Publishing folk still shake their heads in disbelief over how buyout firm Willis Stein & Partners flipped Petersen Cos., a middling magazine group including such titles as Hot Rod and Motor Trend, for a cool $1 billion profit just 2 1/2 years after buying it. That was a year ago. Now, Willis Stein is out to work some more media alchemy, shelling out $780 million to buy Ziff-Davis Publishing, whose big titles PC Computing and PC Magazine have been slumping amid the Net explosion. What are these low-profile Chicagoans on to now? "When they asked Wayne Gretzky when he retired what made him such a great hockey player, he said, `Most people skate to where the puck is. I skate to where the puck is going to be,"' says partner Avy H. Stein. "And that's what we try to do."
In the past year, the blades have been sharpened at Willis Stein's offices. The firm has done several deals in publishing but also some in technology-related businesses. And after raising more than $1 billion in two earlier funds, Willis Stein is in the process of putting together a third, with up to $2 billion.
CONTRARIANS. Although media is only part of its repertoire, buying Ziff-Davis is Willis Stein's largest investment--and challenge--so far. Refocusing its 80 titles toward the Web and away from computer hardware is hard enough. But Ziff-Davis also is in the peculiar position of pushing its own way online while continuing to provide content to ZDNet, the tech-info portal that former Ziff-Davis owner Softbank Corp. is hanging on to. With Ziff-Davis, "there's a lot of possible downside, but it's not clear what the upside is" says a senior executive at a publishing group that declined to bid for it.
Stein, 45, a Harvard-trained lawyer, and partner Willis, a 50-year-old University of Chicago MBA, clearly enjoy a contrarian play. They have tapped veteran publisher James D. Dunning Jr.--who led the Petersen turnaround for them--as CEO of newly created parent Ziff-Davis Holdings. The game plan after the deal's expected close in March: revamp existing titles, create new magazines and spin-offs, and link up with trade shows and other media.
As a sign of things to come, the monthly PC Computing will be relaunched in May, tentatively called Ziff-Davis Smart Business for the New Economy. Another move: Following the success of its Yahoo! Internet Life, Ziff-Davis and Expedia.com announced on Jan. 26 a new bimonthly travel magazine, as yet unnamed, keyed to the Microsoft Corp.-led travel Web site. And the company is already looking at new titles covering the fast-moving realm of music technology. "We are going to build these brands across multiple media," says Dunning.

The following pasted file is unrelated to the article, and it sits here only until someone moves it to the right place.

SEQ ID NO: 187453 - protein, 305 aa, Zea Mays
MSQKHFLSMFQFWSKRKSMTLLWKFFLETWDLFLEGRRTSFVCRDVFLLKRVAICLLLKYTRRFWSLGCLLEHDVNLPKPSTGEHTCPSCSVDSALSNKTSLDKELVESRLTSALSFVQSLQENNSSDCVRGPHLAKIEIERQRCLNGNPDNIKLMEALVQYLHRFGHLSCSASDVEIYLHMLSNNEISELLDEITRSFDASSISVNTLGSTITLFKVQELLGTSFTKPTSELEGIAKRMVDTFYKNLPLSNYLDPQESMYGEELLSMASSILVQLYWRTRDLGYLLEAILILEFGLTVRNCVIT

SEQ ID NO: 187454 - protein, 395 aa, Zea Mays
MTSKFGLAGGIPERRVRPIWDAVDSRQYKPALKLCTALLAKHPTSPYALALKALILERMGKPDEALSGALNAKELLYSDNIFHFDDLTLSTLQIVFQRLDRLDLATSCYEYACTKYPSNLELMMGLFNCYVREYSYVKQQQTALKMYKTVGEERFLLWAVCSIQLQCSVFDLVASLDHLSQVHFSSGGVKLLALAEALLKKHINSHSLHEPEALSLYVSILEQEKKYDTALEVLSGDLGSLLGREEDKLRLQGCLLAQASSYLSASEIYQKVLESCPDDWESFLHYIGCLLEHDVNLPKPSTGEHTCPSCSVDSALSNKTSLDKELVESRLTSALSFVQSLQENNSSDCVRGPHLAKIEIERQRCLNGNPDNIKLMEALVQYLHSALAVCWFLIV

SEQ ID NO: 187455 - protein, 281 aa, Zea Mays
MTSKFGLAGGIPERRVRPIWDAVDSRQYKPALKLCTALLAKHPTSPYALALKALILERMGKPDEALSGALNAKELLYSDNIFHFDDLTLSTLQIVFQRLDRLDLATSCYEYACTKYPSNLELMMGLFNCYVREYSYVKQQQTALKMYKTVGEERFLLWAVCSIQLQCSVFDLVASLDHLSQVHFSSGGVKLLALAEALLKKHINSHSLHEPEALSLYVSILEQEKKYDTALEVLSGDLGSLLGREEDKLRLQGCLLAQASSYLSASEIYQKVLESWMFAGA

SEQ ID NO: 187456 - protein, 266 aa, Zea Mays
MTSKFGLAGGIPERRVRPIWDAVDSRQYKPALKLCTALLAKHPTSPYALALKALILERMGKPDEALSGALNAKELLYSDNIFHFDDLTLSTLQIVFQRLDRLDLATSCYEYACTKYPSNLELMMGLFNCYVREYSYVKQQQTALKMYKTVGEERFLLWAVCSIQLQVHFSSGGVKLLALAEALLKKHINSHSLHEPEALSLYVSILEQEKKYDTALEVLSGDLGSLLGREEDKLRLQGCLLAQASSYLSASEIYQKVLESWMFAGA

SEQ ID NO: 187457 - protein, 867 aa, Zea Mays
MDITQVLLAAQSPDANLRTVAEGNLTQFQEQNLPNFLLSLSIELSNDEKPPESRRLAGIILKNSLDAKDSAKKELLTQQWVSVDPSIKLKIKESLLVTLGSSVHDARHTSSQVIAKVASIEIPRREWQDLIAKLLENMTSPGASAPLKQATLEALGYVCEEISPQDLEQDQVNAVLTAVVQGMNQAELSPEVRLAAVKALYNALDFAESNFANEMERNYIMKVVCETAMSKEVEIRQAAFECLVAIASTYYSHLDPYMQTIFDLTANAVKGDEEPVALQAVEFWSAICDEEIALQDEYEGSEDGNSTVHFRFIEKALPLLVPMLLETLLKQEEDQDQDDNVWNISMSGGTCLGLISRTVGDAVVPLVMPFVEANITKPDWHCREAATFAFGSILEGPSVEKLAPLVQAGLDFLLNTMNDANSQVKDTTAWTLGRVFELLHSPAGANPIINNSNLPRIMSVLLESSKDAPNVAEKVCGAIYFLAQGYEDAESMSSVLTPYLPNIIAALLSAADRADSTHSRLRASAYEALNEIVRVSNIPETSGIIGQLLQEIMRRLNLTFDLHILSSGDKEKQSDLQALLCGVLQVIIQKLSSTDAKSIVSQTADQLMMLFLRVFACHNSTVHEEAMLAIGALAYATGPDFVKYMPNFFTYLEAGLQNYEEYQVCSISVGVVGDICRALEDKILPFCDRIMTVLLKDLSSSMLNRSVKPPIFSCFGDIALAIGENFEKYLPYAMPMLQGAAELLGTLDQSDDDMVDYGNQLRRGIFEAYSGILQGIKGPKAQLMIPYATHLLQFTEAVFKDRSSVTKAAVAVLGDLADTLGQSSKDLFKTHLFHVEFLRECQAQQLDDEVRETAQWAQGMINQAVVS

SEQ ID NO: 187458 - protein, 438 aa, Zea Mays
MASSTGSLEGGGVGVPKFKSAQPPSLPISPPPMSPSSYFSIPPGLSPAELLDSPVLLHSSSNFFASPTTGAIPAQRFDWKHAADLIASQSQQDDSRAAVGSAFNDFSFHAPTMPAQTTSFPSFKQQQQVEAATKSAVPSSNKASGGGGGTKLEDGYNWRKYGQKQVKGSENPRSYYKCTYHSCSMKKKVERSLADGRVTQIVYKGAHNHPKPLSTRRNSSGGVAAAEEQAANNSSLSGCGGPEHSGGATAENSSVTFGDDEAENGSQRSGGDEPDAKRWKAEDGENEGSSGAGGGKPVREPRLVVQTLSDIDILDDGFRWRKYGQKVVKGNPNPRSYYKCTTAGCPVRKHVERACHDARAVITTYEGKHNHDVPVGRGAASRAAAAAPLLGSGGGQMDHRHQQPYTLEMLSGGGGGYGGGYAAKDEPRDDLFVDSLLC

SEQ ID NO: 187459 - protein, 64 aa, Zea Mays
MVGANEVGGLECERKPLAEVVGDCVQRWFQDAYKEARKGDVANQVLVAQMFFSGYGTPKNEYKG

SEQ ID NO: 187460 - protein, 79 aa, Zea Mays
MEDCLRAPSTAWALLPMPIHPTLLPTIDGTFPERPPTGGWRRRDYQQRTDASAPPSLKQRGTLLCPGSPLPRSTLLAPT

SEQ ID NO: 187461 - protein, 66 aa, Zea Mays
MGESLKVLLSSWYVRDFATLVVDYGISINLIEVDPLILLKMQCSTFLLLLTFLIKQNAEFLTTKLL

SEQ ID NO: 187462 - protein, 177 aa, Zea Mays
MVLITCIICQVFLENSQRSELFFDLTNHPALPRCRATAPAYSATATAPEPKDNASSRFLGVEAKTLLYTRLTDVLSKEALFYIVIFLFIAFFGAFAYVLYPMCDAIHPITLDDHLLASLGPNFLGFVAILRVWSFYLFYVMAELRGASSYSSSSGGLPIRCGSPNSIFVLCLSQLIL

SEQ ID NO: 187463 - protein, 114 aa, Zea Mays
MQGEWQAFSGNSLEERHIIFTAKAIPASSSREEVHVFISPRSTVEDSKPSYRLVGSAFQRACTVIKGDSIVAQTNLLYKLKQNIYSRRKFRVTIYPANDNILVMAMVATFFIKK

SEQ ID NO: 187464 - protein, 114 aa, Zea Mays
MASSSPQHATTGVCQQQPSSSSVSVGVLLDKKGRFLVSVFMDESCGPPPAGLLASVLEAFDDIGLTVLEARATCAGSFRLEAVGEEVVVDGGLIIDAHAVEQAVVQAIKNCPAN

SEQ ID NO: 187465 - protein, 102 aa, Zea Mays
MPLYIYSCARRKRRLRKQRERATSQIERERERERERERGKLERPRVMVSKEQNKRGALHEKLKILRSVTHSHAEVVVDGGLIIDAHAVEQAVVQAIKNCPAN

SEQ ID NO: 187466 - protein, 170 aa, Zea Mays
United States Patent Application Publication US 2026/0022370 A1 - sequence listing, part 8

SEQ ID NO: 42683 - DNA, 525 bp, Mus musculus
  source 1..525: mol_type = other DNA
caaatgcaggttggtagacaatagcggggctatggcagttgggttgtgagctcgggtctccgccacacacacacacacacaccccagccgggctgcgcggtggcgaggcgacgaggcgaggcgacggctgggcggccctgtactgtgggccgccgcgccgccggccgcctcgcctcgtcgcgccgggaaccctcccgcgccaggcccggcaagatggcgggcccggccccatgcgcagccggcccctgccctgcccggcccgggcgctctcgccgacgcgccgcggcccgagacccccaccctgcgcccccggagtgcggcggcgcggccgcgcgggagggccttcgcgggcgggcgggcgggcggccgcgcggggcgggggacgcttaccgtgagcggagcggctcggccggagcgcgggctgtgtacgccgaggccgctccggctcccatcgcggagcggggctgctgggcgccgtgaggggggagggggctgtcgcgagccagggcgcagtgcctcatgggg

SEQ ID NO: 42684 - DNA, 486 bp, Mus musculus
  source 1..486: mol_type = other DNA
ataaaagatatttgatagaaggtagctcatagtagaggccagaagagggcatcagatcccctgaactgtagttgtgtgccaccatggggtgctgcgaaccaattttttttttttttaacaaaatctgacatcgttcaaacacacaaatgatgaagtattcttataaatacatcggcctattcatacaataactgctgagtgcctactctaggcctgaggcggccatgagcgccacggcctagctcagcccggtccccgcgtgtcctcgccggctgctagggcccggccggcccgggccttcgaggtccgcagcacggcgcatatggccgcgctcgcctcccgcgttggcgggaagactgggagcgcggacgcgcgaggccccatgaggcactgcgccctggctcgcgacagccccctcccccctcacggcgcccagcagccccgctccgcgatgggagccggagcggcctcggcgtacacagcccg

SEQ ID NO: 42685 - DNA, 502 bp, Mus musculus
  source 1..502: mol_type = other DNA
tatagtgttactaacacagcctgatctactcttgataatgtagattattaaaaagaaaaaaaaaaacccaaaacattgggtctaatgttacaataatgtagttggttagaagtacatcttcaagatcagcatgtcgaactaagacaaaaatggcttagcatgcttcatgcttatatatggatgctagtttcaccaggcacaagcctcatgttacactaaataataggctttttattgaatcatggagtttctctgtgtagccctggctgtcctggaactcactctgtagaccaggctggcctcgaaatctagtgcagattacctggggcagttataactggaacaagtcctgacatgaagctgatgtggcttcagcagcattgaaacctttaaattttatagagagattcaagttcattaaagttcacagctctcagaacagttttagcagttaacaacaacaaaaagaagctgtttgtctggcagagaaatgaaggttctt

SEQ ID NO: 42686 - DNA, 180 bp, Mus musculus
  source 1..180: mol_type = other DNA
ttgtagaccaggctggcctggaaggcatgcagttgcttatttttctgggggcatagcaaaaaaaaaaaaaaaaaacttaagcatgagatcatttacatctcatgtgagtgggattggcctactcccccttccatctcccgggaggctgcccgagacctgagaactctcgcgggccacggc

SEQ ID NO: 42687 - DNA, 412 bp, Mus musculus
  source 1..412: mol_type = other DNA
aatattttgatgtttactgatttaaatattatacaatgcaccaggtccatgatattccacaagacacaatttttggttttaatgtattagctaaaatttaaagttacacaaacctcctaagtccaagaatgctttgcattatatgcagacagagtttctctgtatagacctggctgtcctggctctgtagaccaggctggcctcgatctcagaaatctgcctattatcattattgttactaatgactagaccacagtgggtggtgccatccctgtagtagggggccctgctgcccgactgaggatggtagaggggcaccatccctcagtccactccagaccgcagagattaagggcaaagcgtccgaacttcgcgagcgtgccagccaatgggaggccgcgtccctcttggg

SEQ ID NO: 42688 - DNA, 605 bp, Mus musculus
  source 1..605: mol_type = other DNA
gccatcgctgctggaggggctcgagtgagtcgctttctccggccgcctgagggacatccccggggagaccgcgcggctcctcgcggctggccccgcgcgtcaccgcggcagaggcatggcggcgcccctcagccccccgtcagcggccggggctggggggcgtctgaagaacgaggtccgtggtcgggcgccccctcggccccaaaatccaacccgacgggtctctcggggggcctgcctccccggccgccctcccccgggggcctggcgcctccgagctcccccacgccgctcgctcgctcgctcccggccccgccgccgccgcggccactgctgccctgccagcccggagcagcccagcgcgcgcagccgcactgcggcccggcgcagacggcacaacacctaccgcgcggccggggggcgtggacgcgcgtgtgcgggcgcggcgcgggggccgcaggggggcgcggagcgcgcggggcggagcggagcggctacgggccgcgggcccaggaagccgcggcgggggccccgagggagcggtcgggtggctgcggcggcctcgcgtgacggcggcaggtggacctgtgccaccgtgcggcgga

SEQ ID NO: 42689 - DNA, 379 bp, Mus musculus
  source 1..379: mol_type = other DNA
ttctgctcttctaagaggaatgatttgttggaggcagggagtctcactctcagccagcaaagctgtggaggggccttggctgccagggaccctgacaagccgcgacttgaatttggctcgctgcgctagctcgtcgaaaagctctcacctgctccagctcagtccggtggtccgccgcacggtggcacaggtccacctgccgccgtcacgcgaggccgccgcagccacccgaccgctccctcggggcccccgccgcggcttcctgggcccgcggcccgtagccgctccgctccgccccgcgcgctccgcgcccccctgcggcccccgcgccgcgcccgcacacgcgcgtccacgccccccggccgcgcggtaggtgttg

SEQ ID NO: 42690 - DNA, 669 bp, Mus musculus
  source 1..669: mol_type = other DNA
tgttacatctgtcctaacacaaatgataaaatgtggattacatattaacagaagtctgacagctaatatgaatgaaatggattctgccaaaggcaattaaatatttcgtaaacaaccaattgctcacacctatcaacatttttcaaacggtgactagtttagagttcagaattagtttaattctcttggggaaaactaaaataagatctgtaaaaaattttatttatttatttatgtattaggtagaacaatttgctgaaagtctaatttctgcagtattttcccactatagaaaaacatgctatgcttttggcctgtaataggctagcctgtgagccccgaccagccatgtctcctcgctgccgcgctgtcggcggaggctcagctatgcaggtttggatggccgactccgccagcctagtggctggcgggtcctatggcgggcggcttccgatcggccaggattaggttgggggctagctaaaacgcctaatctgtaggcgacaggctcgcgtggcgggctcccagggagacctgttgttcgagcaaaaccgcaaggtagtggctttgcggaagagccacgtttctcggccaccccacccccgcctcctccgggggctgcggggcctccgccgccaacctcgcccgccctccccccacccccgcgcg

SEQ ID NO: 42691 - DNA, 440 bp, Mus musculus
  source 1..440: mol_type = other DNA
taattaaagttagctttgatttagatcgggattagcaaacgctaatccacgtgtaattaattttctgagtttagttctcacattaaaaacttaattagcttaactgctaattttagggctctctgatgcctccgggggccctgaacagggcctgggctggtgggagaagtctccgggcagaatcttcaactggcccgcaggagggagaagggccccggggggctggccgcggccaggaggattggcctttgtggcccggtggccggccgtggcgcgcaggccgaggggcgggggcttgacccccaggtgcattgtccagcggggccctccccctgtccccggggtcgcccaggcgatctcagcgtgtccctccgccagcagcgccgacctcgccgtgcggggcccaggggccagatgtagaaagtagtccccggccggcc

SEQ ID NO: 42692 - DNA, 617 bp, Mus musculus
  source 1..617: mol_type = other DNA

The presence of Dunning, a onetime president of Rolling Stone, gives Willis and Stein an ambassador in the cliquish corridors of New York publishing. They're better known in the buyout world, where they ran the LBO group at the Continental Illinois Bank from 1989 to 1995. After Continental was bought by Bank of America, they went out on their own. In all, over the past 11 years, Willis and Stein have done 37 deals, cashing out on 21. Along with media companies, they oversee businesses in telecommunications, software, manufacturing, and even a veterinary hospital chain. With just six partners and a coterie of staffers, Willis and Stein prefer to stay in the background. "We're coaches, not quarterbacks," says Willis.
TRUCK BABES. They will need Dunning's quarterbacking to spruce up Ziff-Davis. While trendier publications such as The Industry Standard and Fast Company are thick as phone books from dot.com ads, pages of advertising in PC Computing have dropped 26% since 1997. PC Magazine still ranks among the top five magazines in the U.S. in terms of ad pages and accounts for 25% of Ziff-Davis' revenues of $560 million. But its ad pages are off 29% over the past two years. The reason: While too machine-oriented for Webheads, it lost advertising from computer-resellers that folded under stiff competition from the likes of Dell Computer Corp. "You're going to see a lot of refocusing," says industry expert Martin S. Walker.
Certainly that's the Petersen playbook. There, Dunning built on its 28 monthly and bimonthly magazines, acquiring or creating scores of titles around niche markets. In two years, Petersen launched 51 magazines, ranging from the incomparable Girls of Sport Truck to the better-known NFL Insider, which hit 1 million in circulation. Bought for $450 million, Petersen was sold by Willis Stein to British publisher Emap PLC for $1.5 billion in January, 1999.
With Ziff-Davis, though, the Web is a question mark. ZDNet will keep the exclusive online rights to the Ziff-Davis magazines' content for three years, paying the publisher a royalty. But Ziff-Davis will control the sites for whatever new titles it creates. Willis and Stein insist this is not problematic, saying the popular ZDNet site will drive traffic to them. "We will obviously have a significant Internet strategy out of the gate," says Stein. If they don't, Ziff-Davis may prove a tougher sell than Willis Stein's last magazine bonanza.